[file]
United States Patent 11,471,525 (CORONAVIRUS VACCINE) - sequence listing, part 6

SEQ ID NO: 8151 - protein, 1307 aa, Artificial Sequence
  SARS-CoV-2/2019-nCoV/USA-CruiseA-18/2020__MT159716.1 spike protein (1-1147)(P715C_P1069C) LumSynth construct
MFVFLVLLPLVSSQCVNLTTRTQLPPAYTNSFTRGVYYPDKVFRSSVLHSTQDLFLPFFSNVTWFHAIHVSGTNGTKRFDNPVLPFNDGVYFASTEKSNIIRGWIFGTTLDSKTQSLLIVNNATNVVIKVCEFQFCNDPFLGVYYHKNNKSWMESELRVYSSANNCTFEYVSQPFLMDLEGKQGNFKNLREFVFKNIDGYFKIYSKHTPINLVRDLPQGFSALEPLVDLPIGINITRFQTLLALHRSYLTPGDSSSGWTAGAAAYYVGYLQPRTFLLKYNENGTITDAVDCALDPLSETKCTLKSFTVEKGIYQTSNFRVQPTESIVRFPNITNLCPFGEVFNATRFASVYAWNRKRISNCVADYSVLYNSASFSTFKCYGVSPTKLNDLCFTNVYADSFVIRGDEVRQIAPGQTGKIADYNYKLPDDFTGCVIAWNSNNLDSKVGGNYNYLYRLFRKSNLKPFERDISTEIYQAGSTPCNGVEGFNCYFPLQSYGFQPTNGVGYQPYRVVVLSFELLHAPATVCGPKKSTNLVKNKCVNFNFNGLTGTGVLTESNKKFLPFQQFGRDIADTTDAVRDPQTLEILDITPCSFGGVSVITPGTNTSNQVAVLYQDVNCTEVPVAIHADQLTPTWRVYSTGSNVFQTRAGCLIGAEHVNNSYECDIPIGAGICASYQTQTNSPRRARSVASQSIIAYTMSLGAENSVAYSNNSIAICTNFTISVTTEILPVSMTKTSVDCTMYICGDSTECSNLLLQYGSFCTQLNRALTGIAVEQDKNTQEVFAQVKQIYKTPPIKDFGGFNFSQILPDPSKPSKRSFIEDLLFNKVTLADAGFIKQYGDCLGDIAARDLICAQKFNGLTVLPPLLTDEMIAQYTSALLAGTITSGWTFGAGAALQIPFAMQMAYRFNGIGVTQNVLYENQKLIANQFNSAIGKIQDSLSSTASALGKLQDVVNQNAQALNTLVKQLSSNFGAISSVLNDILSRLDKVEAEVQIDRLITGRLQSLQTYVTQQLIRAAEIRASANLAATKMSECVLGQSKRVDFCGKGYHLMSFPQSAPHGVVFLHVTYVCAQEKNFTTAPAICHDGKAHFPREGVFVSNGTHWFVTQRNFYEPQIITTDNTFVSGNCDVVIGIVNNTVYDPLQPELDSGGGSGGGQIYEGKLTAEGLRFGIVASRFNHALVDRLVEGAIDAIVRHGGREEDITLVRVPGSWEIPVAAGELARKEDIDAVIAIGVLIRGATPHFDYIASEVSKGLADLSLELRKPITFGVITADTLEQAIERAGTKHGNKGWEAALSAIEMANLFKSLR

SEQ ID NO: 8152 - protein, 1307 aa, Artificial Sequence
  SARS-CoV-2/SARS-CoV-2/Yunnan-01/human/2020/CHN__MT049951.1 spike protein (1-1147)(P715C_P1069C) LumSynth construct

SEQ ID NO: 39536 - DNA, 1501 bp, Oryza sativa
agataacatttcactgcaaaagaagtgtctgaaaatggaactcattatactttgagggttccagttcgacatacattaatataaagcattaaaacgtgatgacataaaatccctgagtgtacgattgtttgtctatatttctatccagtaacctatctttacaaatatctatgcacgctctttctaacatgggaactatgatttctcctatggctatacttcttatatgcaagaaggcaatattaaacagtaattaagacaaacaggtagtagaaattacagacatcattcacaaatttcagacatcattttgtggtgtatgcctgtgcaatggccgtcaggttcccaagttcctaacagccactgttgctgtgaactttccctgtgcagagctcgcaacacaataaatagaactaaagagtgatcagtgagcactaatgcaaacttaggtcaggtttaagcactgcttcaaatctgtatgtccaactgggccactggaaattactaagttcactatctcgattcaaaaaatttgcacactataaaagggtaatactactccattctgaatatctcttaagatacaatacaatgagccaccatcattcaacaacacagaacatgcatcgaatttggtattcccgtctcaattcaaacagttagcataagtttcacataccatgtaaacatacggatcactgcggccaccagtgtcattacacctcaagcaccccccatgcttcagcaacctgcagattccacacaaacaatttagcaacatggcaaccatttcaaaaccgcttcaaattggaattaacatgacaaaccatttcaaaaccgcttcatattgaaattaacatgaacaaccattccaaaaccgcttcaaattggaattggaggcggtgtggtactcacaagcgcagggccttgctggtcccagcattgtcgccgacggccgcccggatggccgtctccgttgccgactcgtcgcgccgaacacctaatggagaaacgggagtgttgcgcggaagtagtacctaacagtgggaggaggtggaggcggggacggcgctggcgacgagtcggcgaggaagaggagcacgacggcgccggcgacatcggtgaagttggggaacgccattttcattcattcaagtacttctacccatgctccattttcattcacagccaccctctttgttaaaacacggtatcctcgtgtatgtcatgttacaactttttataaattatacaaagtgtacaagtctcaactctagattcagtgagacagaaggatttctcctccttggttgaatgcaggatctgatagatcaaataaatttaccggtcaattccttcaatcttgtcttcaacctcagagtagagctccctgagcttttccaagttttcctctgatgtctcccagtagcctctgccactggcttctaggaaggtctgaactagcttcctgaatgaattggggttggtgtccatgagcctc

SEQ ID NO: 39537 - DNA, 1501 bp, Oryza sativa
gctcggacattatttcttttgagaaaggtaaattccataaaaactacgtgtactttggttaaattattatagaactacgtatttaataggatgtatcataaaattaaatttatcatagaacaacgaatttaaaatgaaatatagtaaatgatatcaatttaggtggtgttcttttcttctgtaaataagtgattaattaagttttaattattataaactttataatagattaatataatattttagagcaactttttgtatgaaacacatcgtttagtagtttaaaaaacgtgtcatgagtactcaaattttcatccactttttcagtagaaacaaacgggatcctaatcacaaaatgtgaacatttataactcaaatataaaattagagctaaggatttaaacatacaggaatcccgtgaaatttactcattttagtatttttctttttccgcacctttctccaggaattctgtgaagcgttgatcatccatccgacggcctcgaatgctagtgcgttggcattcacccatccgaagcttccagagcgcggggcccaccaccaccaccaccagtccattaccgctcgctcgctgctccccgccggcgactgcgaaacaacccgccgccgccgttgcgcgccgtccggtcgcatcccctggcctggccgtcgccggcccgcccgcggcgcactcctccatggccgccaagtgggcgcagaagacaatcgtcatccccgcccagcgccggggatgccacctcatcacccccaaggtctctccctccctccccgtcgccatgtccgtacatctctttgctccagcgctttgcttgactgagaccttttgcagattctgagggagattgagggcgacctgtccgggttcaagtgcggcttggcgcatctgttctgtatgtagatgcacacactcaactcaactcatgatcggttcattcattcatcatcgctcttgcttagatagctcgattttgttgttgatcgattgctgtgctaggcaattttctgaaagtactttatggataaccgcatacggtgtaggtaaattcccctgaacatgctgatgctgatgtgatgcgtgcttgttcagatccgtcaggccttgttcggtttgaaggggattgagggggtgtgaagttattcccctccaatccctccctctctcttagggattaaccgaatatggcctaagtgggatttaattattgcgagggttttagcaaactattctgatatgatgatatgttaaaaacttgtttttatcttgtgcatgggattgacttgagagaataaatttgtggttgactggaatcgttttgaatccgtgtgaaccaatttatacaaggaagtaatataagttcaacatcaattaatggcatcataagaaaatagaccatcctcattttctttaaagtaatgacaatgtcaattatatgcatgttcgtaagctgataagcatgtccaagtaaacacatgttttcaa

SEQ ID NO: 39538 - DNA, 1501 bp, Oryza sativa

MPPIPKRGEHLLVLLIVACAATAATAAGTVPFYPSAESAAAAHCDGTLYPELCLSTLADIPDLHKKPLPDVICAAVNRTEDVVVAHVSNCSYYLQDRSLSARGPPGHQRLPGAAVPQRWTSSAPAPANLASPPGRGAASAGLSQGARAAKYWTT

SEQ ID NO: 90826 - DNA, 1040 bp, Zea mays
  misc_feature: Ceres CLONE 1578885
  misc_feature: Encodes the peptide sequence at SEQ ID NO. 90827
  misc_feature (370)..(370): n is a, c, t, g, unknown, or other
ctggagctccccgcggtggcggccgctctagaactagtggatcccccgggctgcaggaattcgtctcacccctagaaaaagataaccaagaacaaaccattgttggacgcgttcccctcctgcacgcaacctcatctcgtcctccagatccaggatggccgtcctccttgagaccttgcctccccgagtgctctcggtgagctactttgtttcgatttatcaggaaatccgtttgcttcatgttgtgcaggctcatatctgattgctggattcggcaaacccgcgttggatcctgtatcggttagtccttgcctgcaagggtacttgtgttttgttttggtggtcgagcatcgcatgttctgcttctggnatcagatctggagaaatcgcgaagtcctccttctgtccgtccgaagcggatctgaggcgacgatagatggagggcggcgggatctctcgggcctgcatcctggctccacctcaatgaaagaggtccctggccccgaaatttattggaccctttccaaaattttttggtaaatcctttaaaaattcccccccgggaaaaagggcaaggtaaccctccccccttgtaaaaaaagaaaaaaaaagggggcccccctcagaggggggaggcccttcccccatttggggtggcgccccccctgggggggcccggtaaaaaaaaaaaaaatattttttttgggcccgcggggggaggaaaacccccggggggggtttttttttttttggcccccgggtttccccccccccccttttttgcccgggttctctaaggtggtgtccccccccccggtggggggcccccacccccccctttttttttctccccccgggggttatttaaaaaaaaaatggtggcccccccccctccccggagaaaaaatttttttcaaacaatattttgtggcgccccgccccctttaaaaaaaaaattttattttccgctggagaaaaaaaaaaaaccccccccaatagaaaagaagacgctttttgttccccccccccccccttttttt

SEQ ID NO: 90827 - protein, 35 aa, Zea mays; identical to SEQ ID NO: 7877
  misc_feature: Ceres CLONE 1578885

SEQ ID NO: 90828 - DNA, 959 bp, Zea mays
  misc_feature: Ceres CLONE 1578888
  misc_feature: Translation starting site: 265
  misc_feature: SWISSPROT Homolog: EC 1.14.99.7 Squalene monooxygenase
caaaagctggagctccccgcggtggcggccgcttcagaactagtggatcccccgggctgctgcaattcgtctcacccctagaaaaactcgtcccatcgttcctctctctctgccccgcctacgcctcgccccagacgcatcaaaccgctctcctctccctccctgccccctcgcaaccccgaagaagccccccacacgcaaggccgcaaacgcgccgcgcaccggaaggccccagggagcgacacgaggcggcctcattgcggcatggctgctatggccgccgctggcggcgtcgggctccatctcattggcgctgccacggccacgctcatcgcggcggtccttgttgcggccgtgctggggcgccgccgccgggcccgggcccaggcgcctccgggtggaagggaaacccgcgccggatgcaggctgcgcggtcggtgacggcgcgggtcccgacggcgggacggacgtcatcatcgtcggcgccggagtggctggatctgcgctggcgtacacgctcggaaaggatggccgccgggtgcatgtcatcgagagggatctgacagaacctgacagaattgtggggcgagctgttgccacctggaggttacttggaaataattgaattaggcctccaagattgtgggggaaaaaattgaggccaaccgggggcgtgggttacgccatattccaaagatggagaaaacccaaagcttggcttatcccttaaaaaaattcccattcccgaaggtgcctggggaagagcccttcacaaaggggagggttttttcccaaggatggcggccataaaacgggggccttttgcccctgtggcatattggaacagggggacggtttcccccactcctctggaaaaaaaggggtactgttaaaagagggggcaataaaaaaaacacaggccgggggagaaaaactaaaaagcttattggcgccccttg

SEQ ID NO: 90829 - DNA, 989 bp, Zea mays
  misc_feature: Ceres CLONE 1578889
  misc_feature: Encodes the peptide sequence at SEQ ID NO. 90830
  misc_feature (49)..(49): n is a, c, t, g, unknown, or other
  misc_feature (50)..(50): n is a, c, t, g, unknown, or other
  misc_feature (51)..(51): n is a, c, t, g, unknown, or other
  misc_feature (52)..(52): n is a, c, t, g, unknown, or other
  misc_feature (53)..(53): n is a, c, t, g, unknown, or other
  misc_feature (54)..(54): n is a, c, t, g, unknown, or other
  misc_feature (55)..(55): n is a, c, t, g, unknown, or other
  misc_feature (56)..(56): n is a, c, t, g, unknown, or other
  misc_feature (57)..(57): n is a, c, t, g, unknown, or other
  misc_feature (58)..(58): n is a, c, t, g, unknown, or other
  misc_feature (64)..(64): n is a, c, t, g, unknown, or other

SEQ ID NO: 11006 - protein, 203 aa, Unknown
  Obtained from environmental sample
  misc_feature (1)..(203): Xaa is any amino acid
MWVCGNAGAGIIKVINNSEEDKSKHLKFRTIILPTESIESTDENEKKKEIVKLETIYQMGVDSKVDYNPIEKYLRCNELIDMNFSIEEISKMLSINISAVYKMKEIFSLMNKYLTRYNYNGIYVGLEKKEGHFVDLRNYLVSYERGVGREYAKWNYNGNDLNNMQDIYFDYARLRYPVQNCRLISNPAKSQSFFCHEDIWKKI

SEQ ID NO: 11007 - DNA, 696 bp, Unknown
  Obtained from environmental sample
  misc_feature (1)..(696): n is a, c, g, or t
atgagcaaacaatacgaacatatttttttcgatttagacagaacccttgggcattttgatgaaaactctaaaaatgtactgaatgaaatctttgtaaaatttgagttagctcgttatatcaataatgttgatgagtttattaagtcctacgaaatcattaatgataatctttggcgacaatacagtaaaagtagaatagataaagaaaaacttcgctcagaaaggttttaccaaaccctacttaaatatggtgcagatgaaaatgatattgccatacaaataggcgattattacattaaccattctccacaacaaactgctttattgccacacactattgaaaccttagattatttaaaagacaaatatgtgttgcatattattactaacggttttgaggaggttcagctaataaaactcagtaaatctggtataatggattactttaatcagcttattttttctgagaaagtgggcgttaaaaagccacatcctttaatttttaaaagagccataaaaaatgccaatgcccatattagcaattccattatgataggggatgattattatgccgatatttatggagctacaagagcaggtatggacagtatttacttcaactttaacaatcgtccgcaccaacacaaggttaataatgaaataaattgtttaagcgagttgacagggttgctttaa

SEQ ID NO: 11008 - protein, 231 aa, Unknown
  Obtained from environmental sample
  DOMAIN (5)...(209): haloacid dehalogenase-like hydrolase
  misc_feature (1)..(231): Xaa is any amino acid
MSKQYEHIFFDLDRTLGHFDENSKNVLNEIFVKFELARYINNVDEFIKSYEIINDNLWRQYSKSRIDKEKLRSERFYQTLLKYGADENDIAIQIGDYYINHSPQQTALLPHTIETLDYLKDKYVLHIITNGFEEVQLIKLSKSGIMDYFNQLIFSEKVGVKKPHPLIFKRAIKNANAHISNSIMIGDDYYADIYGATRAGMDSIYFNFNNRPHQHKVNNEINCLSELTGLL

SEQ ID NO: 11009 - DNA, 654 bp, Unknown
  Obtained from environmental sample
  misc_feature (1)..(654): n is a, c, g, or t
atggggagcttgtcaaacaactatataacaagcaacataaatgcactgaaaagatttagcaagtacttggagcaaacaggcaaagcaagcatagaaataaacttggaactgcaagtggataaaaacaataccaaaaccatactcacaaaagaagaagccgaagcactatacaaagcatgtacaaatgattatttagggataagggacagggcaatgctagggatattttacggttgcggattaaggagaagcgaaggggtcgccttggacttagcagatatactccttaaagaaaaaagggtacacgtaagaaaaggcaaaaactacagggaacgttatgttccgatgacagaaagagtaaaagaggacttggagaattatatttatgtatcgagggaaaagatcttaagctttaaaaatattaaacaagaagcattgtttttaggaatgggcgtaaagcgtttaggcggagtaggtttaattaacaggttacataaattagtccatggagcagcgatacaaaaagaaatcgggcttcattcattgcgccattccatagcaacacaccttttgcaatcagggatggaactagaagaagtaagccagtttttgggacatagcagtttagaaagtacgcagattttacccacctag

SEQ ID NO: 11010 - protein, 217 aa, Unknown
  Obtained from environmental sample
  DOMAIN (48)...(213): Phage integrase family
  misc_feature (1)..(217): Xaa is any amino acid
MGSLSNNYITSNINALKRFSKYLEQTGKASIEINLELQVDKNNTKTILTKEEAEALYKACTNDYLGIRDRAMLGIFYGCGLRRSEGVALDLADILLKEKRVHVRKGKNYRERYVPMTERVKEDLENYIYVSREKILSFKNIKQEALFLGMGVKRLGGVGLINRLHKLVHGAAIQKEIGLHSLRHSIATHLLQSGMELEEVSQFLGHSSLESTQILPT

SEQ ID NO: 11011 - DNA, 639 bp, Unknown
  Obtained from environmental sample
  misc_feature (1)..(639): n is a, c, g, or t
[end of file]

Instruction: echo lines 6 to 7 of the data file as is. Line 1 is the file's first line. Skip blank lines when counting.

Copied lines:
  SARS-CoV-2/SARS-CoV-2/Yunnan-01/human/2020/CHN__MT049951.1 spike protein (1-1147)(P715C_P1069C) LumSynth construct

SEQ ID NO: 39536 - DNA, 1501 bp, Oryza sativa